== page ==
We are a family of 5 - myself, my husband and our three girls. About a year and a half ago my oldest daughter moved 12 hours away to start a life at the age of 18 almost 19. With no interest in college she went to pursue an opportunity that ended up not working out. She is resilient and full of determination and decided to stay and pursue other things but in the same area (did I mention this is 12 hours away from home?).
At first, as a mom, I felt rejected and confused. Why didn't she come home?
This list of books is near and dear to my heart as I have made some huge shifts in life over the last several years. I wish I had these resources much earlier in life but I am a firm believer that things happen at the right times for the right reasons.
I hope these help you as much as they have helped me in forming healthy relationships with not only my children but in life as well.
Well, there I was, having a perfectly normal day and the next thing you know the dog starts to get in poop position in the middle of the kitchen, the girls are screaming with the potential grossness of it all. Suddenly I turned around like a scene from the exorcist and yelled (yes actually yelled - loud) deep throated, angry, harsh words at my child.
It was like an out of body experience. I don’t do that – the angry, harsh loud yelling at the drop of a hat.
What do you do as a parent? Do you deny all access to the internet? Is that even possible these days? Do you deny all involvement in and on social media? What about email? What about things like games, Pinterest, Musically?
Do you monitor ALL interactions on ALL devices? Is THAT even possible? Do you manage hours per day on devices? On the internet? On PC’s, gaming systems, even smart TVs now? Do you constantly monitor your children? Is THAT even possible?
In the recent months I attended a “Celebration of Life” for Lydia Dees. I didn’t know Lydia personally. I attended this event because her granddaughter is a friend of mine. Yes, you read that correctly, her granddaughter who is my age or close to it. Lydia lived a long life.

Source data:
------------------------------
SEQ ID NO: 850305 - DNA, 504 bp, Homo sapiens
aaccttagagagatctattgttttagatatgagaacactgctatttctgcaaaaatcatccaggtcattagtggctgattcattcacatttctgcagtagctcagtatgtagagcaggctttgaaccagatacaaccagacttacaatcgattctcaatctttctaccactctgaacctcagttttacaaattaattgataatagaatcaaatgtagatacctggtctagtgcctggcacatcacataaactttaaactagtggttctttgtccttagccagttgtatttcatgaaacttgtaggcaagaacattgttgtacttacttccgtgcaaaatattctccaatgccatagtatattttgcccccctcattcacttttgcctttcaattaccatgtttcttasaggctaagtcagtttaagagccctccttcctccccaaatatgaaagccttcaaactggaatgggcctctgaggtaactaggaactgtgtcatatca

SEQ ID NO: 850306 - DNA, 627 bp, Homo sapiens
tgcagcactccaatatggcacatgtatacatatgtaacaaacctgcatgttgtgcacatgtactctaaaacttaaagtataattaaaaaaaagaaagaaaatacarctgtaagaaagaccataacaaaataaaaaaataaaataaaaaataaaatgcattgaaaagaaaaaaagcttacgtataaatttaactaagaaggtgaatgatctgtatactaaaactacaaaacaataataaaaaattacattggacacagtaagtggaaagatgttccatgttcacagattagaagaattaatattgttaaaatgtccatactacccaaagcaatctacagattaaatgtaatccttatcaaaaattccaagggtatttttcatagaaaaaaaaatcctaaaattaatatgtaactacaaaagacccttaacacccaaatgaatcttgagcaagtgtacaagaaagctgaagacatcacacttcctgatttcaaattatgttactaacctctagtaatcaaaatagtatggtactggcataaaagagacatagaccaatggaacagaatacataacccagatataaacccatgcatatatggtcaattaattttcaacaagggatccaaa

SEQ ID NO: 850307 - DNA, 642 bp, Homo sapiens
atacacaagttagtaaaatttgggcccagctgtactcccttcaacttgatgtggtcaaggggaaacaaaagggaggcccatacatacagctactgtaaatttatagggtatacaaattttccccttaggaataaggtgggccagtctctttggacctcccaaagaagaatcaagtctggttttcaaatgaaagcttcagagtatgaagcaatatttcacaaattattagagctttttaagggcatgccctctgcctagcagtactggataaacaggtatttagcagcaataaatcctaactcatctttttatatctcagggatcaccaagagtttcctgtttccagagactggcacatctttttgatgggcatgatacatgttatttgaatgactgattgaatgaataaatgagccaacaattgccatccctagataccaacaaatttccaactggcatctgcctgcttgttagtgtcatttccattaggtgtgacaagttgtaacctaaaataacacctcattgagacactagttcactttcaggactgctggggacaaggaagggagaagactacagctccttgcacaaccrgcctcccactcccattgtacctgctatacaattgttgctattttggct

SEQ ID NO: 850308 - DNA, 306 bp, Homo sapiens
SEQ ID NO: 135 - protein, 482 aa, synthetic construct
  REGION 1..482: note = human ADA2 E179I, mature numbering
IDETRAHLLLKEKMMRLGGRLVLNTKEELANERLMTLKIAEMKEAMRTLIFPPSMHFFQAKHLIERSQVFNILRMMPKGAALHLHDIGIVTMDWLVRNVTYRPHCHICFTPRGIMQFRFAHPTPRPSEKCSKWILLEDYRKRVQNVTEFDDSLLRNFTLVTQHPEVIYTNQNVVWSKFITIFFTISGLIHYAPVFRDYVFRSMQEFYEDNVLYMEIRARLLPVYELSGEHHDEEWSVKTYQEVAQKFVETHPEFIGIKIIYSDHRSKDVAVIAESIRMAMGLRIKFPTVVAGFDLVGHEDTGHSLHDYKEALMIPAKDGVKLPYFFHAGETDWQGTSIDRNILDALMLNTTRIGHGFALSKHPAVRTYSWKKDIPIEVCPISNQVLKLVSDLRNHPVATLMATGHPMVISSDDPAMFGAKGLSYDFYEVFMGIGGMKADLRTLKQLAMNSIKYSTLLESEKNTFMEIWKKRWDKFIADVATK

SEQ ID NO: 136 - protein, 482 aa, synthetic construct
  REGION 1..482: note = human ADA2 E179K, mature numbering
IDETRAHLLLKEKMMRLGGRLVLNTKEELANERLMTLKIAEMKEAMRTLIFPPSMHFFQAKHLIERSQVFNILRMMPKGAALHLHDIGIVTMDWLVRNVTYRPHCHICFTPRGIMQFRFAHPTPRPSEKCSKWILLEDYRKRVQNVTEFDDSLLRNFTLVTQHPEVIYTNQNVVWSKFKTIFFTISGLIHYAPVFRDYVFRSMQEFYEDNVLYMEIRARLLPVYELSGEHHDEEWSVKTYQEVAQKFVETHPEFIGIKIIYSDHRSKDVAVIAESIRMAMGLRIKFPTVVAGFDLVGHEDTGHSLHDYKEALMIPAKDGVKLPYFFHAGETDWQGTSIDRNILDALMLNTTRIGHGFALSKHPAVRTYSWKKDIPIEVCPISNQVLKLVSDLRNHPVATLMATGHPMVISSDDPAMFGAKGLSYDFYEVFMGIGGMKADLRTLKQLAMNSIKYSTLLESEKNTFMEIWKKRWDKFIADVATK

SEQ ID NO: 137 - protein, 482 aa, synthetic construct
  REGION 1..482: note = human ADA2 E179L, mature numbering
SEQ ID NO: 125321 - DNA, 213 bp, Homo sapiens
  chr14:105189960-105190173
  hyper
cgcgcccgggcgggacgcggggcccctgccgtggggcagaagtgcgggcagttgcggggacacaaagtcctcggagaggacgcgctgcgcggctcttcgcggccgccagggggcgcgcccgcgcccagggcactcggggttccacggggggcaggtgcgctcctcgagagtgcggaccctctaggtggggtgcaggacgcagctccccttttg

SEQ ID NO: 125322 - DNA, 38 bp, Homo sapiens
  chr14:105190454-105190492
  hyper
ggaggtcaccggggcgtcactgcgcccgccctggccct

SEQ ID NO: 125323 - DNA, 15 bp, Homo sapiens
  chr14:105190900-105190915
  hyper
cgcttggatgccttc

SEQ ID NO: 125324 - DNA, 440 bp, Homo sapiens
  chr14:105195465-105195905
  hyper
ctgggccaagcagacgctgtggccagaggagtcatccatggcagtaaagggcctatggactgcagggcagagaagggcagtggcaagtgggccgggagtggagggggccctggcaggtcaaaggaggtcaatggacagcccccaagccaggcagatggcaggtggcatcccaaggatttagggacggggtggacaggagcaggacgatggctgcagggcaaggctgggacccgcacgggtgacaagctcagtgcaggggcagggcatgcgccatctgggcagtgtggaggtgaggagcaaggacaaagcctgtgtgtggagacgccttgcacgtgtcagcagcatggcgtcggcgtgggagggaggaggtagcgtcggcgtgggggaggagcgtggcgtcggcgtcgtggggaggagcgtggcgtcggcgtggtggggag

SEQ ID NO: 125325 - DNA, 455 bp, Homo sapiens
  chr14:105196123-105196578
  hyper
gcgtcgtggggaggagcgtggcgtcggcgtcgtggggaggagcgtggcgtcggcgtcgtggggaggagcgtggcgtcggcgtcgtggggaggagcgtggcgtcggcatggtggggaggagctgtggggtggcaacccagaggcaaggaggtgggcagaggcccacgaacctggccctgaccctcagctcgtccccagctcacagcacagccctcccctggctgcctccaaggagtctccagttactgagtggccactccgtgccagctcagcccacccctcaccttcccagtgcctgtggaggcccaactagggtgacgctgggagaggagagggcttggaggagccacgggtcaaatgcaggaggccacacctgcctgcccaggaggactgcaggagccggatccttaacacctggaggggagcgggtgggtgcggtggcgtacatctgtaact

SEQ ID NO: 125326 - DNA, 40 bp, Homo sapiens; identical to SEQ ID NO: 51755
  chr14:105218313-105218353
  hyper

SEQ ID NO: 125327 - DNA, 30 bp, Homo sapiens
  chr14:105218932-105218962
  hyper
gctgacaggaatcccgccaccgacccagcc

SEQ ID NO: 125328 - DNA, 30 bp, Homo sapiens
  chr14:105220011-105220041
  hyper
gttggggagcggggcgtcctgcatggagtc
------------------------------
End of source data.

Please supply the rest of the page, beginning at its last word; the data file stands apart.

The last years of Lydia’s life were spent in a nursing home specializing in memory care. She suffered from severe memory loss, fear and anxiety. My friend would go to be with her grandmother regularly. The tangible love she showed her grandmother, even in the midst of being a busy mom and wife, overwhelmed me. I knew from her words and actions how much she loved her granny so when the time came for the funeral I went to support my friend.
I didn’t realize what the life of Lydia Dees would suddenly mean to me.
We are a family of 5 - myself, my husband and our three girls. About a year and a half ago my oldest daughter moved 12 hours away to start a life at the age of 18 almost 19. With no interest in college she went to pursue an opportunity that ended up not working out. She is resilient and full of determination and decided to stay and pursue other things but in the same area (did I mention this is 12 hours away from home?). At first, as a mom, I felt rejected and confused. Why didn't she come home? Now, as I see her thriving in new directions, financially independent, starting a career in retail and enjoying life all while maintaining close family ties through phone calls, text messages, social media and visits I realize - we did our job. We raised a loving, kind, responsible person.
Now, on to "Christmas with 4"...
My youngest is off to camp this week. This in itself is a huge change for me as a mom. I was hugely overprotective until recent life experiences brought me to my knees to face myself and reevaluate basically everything in my life.